LONDON — A Raytheon and Lockheed Martin team fired a Javelin missile using a Kongsberg remote launcher on a Titan unmanned ground vehicle built by Qinetiq North America and Estonian company Milrem Robotics at Redstone Arsenal Test Center in Alabama.
The demonstration validated the capability in mid-June, Brad Fibbs, of Raytheon, told Defense News in an interview at DSEI, a large European-focused defense conference and exposition.
Raytheon began putting together the team roughly a year ago, selecting a Milrem robotic ground vehicle that stood out at a Paris-based defense conference for its ability to accept a wide variety of payloads and its innovative, clean design, Fibbs said.
And the battle tested-Kongsberg remote launcher — Protector — was selected as well.
The demonstration was targeted for the U.S. Army’s Tank-Automotive and Armaments Command (TACOM)’s efforts to examine robotics as a force multiplier, Fibbs said, “so you don’t have to burden the dismounted soldier too much, carry supplies, carry wounded, carry heavy effectors to the fight, so we knew that that was something they were looking for.”
The U.S. Army is in the particularly nascent stages of determining when and how it will use armed ground robots on the battlefield and so a system like Raytheon and Lockheed’s will show the service more regarding how these systems might be deployed and what requirements might be needed to shape future programs.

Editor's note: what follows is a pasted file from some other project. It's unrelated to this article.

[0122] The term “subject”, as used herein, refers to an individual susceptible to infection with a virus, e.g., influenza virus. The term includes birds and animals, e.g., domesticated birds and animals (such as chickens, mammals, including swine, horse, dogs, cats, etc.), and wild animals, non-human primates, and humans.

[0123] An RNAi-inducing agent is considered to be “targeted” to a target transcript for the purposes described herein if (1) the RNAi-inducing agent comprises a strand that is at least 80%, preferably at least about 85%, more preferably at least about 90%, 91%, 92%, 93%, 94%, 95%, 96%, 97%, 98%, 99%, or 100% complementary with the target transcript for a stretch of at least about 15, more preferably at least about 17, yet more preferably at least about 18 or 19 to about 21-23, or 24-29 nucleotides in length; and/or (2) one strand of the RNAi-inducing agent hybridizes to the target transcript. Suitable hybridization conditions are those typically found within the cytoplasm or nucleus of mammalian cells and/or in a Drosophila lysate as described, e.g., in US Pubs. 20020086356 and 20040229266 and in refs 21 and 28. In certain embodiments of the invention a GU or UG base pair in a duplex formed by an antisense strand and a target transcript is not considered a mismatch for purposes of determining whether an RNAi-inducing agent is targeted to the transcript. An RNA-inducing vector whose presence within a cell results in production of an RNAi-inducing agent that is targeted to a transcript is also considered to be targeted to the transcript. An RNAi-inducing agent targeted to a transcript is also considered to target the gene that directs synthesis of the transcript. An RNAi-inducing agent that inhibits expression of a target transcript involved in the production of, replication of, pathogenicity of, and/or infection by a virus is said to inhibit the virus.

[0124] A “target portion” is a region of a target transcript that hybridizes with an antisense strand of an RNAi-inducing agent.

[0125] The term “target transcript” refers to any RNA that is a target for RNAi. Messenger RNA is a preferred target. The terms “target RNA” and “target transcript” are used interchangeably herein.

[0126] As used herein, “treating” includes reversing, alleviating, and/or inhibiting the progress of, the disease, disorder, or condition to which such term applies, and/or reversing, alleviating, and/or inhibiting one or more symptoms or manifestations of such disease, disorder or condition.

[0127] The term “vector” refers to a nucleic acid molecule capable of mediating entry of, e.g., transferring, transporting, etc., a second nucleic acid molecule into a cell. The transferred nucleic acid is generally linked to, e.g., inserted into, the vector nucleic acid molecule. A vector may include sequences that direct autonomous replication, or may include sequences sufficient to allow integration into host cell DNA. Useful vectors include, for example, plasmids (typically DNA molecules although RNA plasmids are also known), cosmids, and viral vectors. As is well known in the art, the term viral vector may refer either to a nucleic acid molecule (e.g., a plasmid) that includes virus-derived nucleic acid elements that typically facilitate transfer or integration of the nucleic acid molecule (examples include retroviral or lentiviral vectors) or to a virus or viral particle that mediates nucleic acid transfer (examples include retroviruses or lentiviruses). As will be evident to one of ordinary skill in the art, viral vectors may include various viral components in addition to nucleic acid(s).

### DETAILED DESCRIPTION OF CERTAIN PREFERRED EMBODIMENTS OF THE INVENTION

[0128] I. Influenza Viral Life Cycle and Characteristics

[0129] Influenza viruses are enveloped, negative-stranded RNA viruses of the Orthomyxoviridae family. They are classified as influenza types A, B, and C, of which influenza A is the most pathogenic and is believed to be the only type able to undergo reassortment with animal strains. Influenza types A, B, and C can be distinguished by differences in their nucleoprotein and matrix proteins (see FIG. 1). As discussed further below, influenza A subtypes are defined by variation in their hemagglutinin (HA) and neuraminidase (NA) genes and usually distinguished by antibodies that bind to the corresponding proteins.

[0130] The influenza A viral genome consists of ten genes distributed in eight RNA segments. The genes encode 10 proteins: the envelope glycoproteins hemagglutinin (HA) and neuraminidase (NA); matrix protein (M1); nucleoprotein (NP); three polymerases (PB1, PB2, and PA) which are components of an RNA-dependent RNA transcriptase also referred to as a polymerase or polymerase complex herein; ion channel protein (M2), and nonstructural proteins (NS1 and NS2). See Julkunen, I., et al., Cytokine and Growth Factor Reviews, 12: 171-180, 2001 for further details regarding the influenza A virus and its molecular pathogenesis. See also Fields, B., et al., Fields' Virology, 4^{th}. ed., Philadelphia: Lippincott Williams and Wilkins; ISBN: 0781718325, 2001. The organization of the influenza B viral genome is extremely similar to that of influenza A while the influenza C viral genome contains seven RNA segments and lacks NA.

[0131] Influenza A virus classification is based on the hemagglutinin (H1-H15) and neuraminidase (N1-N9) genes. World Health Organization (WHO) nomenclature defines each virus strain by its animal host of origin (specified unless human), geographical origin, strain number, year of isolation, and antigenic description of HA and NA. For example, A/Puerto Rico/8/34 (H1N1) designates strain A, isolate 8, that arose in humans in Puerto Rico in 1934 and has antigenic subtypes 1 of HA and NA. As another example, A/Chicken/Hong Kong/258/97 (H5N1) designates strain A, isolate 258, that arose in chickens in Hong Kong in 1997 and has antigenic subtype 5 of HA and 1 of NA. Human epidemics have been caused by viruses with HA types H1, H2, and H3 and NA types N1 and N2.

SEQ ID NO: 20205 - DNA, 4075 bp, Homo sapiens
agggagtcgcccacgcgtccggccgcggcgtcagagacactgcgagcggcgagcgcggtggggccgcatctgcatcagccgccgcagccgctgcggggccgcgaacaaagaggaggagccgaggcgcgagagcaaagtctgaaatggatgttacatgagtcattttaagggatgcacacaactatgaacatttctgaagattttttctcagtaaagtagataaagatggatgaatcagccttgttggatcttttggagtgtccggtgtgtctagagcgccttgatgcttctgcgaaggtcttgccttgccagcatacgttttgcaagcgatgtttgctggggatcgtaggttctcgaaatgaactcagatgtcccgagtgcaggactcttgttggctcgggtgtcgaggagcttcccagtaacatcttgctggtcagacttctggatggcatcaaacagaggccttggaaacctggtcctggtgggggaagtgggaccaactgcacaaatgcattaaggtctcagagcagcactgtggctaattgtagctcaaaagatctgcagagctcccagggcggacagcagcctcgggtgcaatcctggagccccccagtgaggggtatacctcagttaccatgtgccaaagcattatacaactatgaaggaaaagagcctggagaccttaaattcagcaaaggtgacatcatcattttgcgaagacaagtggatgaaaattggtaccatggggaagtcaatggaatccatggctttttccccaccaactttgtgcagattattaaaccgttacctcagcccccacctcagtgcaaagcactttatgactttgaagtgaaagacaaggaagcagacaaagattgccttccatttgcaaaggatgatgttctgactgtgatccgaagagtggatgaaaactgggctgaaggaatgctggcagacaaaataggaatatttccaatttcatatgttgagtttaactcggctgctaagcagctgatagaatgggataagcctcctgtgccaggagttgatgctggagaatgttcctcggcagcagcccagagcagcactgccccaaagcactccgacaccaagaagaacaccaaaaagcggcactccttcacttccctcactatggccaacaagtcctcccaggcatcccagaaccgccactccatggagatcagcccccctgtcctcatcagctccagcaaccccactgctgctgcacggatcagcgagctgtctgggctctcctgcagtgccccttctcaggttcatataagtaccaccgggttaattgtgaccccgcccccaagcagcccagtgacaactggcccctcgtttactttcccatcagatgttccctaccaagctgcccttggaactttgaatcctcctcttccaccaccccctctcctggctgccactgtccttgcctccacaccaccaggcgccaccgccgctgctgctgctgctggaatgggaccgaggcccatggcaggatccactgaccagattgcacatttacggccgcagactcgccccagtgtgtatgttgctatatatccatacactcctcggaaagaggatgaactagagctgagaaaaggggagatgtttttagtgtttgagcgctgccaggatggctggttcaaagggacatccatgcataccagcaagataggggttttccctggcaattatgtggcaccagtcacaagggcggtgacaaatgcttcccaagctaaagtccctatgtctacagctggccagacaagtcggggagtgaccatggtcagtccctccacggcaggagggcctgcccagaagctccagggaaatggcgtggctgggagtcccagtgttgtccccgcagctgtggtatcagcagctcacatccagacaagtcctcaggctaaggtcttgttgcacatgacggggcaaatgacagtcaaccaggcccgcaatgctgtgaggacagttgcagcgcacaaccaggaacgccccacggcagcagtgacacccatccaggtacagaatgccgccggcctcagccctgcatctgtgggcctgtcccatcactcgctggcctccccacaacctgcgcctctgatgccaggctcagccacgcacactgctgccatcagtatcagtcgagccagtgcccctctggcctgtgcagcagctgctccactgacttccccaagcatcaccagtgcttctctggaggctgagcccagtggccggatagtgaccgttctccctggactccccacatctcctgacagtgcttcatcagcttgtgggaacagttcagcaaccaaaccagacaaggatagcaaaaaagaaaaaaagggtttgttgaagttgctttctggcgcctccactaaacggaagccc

And it uses a weapon system already in the U.S. Army inventory.
The system used a secure RF link to the robot during the demonstration and transmitted and received video from the robot and the Kongsberg fire control, Fibbs said.
In the case of the system, a man is always in the loop as the robot does not use autonomous capability but remotely operated controls.
U.S. Army Futures Command is also looking for innovative ways to deploy effectors forward, especially as the U.S. continues to focus on Russian deterrence in the European theater and fielding capabilities that overmatch Russian capability.
The Russians have used Syria as a testing ground for capability including armed ground robots.
Raytheon is planning on evolving its efforts to examine how to increase dismounted infantry survivability, Fibbs said, “because you have a robotic vehicle you can carry a heavier sensor that has increased detect, recognize and identification (DRI) capabilities.”Published: 2019-09-10 16:32:23